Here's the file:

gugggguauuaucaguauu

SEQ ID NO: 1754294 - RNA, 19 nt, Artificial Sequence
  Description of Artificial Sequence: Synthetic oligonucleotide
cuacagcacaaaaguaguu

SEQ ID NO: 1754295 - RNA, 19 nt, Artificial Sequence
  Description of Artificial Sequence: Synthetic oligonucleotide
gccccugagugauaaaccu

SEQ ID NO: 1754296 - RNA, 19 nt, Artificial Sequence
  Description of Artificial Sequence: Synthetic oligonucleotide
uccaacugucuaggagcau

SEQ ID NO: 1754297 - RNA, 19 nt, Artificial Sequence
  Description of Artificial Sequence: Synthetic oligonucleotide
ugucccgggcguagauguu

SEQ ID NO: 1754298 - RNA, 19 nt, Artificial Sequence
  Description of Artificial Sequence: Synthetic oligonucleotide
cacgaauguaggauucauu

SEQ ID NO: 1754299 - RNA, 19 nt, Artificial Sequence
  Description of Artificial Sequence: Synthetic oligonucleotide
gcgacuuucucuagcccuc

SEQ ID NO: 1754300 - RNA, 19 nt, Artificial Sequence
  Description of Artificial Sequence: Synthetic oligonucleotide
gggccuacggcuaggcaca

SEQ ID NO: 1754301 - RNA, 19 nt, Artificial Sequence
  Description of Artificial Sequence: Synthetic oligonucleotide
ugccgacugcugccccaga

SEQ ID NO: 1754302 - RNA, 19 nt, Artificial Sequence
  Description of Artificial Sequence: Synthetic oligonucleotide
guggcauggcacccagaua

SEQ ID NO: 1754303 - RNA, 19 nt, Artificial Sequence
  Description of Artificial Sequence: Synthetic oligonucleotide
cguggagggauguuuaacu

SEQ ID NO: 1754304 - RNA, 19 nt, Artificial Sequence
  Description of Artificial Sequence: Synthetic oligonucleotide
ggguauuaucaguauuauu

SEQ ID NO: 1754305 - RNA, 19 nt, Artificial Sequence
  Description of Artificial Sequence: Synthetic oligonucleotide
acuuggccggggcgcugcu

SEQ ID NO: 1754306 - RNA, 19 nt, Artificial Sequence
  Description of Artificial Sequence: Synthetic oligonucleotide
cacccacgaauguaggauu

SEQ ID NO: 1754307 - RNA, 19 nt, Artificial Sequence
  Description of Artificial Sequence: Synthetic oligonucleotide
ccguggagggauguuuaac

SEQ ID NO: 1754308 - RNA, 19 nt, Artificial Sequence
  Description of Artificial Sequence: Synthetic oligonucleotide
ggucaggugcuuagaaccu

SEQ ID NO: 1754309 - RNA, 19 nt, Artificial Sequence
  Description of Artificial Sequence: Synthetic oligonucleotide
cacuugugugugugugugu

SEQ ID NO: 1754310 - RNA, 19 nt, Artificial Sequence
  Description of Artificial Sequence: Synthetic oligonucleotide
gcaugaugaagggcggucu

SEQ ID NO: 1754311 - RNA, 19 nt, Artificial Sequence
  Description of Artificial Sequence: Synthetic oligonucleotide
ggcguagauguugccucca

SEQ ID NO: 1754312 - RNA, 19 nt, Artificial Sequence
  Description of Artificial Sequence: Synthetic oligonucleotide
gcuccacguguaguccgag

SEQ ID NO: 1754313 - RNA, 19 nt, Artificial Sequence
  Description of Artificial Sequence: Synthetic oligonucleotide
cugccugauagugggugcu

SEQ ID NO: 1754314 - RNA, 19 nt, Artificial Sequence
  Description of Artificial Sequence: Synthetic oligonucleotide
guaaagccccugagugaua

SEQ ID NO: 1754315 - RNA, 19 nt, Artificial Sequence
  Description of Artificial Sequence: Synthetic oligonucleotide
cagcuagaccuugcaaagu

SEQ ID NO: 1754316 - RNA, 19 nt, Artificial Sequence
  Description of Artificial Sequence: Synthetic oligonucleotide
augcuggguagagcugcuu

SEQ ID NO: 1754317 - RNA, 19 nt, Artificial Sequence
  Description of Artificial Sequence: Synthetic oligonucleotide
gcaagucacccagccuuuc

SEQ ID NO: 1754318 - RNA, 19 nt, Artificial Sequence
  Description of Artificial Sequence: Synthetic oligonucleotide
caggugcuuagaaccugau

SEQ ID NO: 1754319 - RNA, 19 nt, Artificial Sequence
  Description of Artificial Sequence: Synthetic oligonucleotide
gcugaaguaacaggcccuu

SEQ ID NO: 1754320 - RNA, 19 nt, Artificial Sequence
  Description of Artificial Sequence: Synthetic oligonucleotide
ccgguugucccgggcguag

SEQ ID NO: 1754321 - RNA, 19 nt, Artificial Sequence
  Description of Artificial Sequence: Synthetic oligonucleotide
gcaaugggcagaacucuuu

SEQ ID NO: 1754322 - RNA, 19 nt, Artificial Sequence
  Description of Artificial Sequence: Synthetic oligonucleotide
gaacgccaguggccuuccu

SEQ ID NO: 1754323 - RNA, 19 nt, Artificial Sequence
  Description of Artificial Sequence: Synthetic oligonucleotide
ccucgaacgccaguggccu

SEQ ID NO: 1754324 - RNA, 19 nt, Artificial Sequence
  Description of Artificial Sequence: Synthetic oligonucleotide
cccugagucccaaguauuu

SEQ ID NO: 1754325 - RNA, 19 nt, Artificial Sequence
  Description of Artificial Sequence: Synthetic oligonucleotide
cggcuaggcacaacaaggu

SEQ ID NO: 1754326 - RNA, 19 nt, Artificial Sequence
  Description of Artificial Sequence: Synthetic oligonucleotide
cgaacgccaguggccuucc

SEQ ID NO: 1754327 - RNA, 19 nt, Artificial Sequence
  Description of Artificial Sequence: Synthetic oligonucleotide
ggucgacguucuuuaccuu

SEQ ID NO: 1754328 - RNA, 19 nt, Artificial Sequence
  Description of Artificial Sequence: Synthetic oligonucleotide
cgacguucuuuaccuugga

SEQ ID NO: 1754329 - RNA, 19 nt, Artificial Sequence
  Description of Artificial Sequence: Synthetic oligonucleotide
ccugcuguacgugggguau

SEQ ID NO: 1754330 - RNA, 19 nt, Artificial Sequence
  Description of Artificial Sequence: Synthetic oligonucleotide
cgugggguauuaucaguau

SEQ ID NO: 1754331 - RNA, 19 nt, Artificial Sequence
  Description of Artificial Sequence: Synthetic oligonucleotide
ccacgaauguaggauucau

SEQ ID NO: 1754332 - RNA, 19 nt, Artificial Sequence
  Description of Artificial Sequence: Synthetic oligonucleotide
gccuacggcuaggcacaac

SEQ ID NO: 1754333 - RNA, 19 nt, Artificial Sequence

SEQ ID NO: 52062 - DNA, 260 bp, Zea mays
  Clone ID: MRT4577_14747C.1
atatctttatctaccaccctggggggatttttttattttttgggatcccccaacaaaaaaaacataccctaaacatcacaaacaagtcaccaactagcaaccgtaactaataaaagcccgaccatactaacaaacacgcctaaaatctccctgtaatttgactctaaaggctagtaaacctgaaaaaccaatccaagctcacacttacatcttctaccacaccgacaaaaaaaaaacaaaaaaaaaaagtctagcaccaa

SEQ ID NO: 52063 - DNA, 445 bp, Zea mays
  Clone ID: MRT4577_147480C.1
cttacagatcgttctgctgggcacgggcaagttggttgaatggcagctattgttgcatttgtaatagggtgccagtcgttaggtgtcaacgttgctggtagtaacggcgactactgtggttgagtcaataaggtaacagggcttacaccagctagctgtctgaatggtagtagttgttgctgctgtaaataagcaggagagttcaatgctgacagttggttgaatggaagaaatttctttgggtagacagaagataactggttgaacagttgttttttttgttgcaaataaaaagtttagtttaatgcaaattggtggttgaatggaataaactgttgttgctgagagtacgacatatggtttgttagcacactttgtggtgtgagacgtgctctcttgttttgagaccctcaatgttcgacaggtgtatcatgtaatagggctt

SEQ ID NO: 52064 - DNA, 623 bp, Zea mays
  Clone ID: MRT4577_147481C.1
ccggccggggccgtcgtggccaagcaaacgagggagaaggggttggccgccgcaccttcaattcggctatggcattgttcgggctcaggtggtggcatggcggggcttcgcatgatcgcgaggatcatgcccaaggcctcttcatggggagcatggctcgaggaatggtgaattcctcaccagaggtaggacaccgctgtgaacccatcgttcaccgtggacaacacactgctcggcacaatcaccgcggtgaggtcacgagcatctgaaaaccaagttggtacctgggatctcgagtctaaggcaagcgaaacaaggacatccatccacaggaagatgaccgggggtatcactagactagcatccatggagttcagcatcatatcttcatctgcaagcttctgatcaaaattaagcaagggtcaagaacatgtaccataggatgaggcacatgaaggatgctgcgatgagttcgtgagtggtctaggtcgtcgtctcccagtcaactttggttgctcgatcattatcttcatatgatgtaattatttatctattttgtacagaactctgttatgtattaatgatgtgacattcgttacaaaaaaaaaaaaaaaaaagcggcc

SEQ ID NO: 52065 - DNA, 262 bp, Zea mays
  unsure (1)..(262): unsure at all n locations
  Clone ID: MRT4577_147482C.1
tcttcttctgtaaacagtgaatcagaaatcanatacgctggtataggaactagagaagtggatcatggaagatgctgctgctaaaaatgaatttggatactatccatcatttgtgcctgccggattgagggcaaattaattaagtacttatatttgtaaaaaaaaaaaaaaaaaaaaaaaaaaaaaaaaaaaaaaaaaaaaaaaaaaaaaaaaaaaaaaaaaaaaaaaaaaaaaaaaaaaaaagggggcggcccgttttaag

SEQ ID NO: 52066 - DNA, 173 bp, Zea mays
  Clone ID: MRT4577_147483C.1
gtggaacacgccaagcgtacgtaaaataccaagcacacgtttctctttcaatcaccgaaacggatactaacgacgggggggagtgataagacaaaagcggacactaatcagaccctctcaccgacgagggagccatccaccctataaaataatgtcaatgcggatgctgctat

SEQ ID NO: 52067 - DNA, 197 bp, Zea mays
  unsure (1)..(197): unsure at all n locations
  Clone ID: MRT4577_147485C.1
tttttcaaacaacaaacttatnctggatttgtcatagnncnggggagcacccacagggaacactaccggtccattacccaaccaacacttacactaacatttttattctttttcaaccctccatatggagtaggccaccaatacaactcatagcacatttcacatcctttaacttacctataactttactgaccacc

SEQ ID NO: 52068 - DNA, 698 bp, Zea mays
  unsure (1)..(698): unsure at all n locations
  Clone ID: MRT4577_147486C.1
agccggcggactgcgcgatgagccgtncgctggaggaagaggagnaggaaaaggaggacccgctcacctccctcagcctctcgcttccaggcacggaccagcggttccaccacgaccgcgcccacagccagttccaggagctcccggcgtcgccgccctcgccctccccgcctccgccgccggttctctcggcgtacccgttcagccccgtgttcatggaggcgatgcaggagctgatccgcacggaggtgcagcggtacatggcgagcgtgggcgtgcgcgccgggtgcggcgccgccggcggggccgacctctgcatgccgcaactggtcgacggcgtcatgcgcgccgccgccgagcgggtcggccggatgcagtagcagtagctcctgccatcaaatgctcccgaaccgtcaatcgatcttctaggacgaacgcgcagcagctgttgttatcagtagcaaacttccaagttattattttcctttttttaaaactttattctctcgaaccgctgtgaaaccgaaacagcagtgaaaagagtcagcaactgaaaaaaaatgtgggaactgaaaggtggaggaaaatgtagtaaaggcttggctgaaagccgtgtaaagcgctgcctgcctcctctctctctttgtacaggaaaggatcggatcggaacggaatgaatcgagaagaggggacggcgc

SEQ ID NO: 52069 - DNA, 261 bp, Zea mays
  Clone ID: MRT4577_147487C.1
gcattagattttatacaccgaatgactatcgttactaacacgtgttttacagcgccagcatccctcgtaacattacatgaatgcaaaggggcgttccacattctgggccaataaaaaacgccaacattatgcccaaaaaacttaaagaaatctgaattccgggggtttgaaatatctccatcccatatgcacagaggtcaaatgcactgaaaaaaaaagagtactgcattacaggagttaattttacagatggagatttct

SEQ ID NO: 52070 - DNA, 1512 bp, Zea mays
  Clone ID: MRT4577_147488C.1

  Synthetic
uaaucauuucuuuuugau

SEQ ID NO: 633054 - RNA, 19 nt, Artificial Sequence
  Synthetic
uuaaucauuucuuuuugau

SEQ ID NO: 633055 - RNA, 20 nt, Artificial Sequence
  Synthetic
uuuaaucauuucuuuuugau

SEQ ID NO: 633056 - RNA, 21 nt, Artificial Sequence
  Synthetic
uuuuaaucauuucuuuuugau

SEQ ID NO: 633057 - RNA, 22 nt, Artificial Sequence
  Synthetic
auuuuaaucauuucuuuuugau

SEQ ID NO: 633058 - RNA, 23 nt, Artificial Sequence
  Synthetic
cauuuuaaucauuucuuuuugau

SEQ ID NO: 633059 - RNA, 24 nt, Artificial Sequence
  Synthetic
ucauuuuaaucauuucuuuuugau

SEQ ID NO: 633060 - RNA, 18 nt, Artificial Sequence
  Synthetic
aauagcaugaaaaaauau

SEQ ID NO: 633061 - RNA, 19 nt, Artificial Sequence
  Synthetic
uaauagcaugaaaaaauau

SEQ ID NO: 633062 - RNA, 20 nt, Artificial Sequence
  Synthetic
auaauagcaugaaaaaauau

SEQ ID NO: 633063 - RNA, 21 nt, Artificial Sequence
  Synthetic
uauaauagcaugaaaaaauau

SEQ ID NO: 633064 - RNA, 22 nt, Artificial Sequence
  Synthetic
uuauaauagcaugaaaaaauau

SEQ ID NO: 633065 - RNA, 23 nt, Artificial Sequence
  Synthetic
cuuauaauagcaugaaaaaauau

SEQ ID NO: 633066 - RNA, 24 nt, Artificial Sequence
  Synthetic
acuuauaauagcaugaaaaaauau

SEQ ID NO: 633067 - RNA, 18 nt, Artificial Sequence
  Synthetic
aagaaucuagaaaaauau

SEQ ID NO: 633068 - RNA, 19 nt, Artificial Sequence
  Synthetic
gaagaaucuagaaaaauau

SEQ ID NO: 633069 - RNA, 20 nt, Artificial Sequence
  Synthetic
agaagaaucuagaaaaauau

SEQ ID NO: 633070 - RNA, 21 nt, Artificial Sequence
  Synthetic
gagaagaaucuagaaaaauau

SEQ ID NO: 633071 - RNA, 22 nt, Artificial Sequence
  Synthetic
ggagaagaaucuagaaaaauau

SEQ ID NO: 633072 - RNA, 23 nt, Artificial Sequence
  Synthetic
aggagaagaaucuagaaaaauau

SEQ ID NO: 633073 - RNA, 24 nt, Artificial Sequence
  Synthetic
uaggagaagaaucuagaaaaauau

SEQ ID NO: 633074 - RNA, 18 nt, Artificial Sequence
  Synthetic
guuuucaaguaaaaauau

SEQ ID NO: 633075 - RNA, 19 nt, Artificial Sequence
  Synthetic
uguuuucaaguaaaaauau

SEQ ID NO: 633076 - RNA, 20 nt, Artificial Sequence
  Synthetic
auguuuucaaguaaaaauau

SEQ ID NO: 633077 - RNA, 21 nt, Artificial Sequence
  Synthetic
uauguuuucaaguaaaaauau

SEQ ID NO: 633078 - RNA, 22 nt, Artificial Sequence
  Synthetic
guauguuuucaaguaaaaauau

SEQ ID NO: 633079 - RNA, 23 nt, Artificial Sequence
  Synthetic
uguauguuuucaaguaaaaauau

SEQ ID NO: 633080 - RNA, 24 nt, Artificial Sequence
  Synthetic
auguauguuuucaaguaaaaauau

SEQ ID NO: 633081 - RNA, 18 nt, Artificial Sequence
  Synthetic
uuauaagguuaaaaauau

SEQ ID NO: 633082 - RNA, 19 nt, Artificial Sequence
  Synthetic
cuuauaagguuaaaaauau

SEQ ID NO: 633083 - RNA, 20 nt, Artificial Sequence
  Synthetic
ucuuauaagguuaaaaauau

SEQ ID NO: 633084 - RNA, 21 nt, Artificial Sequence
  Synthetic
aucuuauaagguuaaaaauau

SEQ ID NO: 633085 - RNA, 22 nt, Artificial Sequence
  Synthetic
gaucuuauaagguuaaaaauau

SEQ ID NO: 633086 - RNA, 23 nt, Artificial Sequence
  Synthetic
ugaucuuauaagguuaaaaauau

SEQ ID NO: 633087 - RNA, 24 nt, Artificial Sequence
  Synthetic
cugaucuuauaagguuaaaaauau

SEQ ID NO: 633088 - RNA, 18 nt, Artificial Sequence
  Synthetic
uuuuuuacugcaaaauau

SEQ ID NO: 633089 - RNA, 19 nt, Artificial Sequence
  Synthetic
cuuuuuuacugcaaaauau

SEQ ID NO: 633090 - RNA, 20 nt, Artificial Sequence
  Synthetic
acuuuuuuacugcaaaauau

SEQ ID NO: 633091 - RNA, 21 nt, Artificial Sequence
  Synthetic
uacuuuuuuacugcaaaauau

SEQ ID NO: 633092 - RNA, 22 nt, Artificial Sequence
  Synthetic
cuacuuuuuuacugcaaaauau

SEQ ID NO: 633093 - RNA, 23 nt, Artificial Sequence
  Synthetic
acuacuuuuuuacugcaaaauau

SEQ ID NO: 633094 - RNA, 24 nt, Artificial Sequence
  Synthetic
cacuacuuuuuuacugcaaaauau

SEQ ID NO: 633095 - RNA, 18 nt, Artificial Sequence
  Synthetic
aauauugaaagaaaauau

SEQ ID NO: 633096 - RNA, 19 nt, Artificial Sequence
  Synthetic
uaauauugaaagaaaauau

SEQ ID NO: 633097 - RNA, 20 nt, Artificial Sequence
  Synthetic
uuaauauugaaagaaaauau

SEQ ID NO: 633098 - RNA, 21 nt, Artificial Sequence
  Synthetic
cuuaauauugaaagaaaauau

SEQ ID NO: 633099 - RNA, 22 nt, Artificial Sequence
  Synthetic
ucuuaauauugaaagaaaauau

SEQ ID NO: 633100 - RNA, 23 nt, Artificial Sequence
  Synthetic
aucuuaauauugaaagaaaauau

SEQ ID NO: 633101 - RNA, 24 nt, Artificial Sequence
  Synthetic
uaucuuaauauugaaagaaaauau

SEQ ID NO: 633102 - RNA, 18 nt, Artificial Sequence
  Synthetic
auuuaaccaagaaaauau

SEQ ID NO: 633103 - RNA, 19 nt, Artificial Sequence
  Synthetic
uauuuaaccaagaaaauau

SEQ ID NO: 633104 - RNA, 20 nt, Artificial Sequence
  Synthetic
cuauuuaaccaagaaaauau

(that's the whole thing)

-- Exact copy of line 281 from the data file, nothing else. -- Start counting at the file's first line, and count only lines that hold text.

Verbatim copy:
  Synthetic